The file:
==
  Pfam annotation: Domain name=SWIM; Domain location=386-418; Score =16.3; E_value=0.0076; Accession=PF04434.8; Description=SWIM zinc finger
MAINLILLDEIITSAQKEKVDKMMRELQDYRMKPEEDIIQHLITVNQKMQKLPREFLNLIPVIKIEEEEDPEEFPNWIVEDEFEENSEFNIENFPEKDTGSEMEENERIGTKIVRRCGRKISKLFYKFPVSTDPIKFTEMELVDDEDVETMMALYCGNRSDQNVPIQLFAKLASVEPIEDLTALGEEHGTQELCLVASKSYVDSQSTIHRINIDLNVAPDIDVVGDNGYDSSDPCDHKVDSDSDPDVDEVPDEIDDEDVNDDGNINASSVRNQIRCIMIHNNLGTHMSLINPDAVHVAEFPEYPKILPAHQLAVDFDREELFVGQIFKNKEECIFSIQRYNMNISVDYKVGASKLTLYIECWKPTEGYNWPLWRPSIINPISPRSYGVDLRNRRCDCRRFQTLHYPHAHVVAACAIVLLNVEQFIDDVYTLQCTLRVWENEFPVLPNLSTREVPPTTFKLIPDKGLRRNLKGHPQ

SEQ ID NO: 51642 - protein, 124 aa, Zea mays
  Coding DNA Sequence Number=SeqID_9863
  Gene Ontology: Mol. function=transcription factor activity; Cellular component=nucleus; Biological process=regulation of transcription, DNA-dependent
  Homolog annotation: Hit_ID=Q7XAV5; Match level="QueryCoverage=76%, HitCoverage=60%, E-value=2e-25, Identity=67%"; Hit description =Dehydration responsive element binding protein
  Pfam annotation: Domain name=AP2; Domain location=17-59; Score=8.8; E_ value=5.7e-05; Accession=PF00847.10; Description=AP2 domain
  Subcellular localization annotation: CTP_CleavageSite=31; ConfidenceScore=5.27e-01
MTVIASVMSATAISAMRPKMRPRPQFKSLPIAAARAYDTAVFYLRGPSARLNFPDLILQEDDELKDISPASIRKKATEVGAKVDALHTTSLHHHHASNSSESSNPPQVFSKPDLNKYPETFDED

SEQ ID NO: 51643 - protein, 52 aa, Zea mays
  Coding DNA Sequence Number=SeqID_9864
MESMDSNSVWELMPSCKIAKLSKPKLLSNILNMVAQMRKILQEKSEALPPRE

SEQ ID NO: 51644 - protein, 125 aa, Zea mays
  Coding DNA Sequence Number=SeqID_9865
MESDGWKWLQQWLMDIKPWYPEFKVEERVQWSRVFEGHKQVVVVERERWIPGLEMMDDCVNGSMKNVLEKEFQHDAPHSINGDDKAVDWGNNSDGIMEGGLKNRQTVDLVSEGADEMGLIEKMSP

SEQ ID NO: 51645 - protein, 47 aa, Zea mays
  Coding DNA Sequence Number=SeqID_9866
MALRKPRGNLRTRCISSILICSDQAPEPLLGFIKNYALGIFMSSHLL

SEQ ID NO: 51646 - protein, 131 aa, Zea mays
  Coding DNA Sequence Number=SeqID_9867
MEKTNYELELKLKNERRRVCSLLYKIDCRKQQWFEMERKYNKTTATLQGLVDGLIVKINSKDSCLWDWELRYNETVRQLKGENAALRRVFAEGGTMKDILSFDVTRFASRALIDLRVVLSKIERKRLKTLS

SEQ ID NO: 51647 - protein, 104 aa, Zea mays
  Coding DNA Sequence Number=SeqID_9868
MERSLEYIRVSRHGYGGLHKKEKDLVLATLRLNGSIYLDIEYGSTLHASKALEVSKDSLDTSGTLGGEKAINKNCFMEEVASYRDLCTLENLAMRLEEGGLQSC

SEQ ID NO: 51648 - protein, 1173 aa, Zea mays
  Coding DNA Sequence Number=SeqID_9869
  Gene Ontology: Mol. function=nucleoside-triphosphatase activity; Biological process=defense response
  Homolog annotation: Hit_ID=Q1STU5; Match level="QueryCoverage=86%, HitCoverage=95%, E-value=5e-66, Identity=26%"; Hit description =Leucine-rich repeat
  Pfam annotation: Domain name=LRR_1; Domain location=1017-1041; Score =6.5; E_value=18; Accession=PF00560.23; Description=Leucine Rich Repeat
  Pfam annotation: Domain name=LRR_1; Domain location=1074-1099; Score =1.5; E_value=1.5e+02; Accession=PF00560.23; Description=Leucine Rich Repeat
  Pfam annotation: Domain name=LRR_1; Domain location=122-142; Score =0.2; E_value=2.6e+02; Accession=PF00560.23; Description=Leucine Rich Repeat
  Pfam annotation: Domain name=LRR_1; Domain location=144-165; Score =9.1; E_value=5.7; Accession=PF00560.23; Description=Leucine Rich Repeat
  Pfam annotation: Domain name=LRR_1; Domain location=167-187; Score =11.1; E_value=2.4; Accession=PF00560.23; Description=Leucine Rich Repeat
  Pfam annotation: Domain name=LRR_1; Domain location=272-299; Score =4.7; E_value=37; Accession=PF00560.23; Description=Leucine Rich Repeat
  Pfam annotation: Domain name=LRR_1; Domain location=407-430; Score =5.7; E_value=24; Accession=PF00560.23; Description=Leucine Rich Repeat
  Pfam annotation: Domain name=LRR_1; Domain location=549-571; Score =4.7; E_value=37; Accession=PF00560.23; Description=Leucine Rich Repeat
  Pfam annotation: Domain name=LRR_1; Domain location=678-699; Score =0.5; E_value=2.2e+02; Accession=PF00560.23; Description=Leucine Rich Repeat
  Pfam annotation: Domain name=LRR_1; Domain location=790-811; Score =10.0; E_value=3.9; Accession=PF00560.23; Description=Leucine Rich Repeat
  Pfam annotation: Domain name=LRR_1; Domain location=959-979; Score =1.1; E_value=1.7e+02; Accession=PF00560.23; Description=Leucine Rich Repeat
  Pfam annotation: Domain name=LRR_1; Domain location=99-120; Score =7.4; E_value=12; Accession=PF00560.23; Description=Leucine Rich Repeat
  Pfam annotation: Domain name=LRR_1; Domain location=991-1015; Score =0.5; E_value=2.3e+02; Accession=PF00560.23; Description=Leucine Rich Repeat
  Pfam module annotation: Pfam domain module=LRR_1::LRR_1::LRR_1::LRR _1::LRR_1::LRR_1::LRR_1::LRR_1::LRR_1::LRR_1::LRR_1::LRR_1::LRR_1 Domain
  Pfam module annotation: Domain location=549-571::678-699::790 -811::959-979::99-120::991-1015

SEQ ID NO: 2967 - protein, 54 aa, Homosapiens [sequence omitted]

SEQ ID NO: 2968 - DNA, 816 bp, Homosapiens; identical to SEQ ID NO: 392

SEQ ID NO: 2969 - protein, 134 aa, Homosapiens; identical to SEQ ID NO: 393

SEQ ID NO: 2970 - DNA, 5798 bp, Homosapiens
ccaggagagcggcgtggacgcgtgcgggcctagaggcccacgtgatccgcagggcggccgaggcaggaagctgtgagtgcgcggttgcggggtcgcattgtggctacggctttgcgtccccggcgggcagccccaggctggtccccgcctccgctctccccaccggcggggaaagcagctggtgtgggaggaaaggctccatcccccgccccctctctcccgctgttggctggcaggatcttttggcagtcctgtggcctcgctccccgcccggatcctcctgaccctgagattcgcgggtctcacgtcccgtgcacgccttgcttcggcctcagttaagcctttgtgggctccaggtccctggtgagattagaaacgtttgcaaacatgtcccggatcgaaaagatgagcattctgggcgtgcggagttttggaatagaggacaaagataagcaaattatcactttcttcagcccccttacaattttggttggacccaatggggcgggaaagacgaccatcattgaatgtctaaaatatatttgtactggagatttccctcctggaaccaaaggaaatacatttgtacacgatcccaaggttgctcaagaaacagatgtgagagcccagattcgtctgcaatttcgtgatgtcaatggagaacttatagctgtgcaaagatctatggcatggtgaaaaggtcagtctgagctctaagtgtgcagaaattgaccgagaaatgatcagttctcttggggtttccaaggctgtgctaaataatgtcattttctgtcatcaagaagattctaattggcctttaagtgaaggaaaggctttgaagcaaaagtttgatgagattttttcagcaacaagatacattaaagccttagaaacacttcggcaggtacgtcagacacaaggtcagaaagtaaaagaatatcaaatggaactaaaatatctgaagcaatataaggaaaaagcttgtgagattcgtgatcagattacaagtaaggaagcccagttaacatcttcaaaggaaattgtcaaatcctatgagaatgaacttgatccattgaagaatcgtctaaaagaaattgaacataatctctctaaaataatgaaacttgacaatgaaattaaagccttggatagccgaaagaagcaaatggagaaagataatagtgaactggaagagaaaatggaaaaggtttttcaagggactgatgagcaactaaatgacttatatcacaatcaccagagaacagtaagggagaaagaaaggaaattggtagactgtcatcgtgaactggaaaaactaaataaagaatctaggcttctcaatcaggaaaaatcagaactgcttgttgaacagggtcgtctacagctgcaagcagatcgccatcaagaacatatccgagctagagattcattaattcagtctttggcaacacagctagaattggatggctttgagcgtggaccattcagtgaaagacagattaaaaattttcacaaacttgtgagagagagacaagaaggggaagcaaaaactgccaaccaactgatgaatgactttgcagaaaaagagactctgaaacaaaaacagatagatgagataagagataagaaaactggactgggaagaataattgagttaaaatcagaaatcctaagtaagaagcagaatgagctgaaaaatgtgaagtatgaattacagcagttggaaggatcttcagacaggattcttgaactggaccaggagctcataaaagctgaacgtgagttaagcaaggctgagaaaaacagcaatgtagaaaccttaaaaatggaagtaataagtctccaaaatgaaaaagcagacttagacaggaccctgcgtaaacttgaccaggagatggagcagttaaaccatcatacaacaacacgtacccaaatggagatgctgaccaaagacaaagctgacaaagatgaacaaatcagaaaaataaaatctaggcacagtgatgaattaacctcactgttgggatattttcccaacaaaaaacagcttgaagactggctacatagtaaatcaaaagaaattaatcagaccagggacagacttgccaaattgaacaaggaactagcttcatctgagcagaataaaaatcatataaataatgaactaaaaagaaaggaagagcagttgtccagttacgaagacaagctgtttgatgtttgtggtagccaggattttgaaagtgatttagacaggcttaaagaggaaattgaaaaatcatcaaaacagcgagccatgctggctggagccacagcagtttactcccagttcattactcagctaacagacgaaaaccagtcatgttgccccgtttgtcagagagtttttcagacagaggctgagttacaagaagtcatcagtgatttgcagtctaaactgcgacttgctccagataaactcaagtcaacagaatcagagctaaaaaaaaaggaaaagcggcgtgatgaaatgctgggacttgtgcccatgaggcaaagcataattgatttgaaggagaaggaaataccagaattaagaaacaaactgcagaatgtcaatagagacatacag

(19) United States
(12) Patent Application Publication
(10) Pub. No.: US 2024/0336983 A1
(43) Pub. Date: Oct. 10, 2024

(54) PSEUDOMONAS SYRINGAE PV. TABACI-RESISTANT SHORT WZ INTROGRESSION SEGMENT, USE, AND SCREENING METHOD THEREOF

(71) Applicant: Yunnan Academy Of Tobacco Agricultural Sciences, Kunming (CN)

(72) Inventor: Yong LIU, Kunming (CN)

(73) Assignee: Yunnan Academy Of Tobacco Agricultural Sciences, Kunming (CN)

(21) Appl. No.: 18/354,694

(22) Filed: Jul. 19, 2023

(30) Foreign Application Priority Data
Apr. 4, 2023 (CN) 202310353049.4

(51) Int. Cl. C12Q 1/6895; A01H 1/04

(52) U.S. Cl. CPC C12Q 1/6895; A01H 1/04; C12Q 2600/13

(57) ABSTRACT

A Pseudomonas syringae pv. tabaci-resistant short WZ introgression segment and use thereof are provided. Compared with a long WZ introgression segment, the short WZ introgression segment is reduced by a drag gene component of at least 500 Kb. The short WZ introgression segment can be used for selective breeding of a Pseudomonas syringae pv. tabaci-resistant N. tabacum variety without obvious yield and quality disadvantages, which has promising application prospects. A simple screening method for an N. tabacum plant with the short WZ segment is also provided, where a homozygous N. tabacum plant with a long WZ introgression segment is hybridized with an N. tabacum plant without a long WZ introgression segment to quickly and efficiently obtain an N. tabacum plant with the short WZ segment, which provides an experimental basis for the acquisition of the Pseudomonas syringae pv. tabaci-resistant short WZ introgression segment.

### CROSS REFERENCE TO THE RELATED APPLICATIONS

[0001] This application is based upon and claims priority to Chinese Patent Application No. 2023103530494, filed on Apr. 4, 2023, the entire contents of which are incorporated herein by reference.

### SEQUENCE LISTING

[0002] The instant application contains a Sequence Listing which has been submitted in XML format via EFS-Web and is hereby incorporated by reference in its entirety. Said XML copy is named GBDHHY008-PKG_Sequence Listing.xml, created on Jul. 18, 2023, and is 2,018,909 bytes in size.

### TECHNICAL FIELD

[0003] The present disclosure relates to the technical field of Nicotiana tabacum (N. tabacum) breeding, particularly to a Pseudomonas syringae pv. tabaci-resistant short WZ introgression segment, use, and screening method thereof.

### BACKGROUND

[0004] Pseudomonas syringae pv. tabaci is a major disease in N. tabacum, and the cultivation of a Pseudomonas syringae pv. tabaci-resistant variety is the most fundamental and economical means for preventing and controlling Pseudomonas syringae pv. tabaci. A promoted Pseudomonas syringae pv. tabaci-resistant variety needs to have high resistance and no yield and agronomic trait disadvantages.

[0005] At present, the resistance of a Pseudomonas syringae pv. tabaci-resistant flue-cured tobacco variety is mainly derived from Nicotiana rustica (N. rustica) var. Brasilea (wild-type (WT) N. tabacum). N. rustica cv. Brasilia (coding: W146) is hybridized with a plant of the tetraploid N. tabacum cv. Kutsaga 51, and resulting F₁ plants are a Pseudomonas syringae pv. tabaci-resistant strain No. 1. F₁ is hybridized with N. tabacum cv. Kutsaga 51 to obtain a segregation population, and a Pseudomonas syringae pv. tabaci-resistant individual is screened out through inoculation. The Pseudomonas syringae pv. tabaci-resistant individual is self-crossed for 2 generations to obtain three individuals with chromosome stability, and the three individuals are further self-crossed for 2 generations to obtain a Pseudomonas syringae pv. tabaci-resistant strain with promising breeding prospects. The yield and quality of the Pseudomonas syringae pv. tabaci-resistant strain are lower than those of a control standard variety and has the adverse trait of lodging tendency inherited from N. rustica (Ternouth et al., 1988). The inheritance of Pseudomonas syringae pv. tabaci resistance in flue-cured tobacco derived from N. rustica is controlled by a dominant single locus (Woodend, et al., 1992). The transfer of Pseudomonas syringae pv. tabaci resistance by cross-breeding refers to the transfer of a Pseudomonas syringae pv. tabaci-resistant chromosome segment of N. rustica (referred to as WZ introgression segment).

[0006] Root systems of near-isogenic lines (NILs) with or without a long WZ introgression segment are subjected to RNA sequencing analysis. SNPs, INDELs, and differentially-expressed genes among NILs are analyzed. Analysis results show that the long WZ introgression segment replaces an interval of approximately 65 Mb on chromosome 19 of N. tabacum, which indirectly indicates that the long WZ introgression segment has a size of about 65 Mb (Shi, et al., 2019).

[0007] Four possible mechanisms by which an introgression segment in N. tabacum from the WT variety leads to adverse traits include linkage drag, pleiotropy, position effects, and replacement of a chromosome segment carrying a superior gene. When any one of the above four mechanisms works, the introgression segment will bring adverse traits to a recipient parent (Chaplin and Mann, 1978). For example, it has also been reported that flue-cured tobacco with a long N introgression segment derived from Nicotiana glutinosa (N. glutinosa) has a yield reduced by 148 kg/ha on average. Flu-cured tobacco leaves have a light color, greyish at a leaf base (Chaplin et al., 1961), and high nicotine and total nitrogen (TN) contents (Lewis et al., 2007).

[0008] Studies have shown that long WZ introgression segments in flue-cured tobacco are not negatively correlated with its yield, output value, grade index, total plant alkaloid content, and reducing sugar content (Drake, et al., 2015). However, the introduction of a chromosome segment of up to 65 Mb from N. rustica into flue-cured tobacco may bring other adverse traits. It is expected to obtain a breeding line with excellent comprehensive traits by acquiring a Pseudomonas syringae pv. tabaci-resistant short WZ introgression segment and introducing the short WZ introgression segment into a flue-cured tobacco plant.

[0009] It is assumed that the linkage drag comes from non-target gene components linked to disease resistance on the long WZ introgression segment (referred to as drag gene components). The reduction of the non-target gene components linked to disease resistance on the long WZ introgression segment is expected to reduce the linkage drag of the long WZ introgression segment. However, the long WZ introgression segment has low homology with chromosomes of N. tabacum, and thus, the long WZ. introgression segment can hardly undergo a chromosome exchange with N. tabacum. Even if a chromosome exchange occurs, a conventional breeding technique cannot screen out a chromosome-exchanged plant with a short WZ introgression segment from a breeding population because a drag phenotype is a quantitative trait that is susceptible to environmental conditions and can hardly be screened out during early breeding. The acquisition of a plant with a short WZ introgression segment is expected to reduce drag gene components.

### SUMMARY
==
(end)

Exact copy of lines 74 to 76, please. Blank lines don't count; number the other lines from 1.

[0006] Root systems of near-isogenic lines (NILs) with or without a long WZ introgression segment are subjected to RNA sequencing analysis. SNPs, INDELs, and differentially-expressed genes among NILs are analyzed. Analysis results show that the long WZ introgression segment replaces an interval of approximately 65 Mb on chromosome 19 of N. tabacum, which indirectly indicates that the long WZ introgression segment has a size of about 65 Mb (Shi, et al., 2019).

[0007] Four possible mechanisms by which an introgression segment in N. tabacum from the WT variety leads to adverse traits include linkage drag, pleiotropy, position effects, and replacement of a chromosome segment carrying a superior gene. When any one of the above four mechanisms works, the introgression segment will bring adverse traits to a recipient parent (Chaplin and Mann, 1978). For example, it has also been reported that flue-cured tobacco with a long N introgression segment derived from Nicotiana glutinosa (N. glutinosa) has a yield reduced by 148 kg/ha on average. Flu-cured tobacco leaves have a light color, greyish at a leaf base (Chaplin et al., 1961), and high nicotine and total nitrogen (TN) contents (Lewis et al., 2007).

[0008] Studies have shown that long WZ introgression segments in flue-cured tobacco are not negatively correlated with its yield, output value, grade index, total plant alkaloid content, and reducing sugar content (Drake, et al., 2015). However, the introduction of a chromosome segment of up to 65 Mb from N. rustica into flue-cured tobacco may bring other adverse traits. It is expected to obtain a breeding line with excellent comprehensive traits by acquiring a Pseudomonas syringae pv. tabaci-resistant short WZ introgression segment and introducing the short WZ introgression segment into a flue-cured tobacco plant.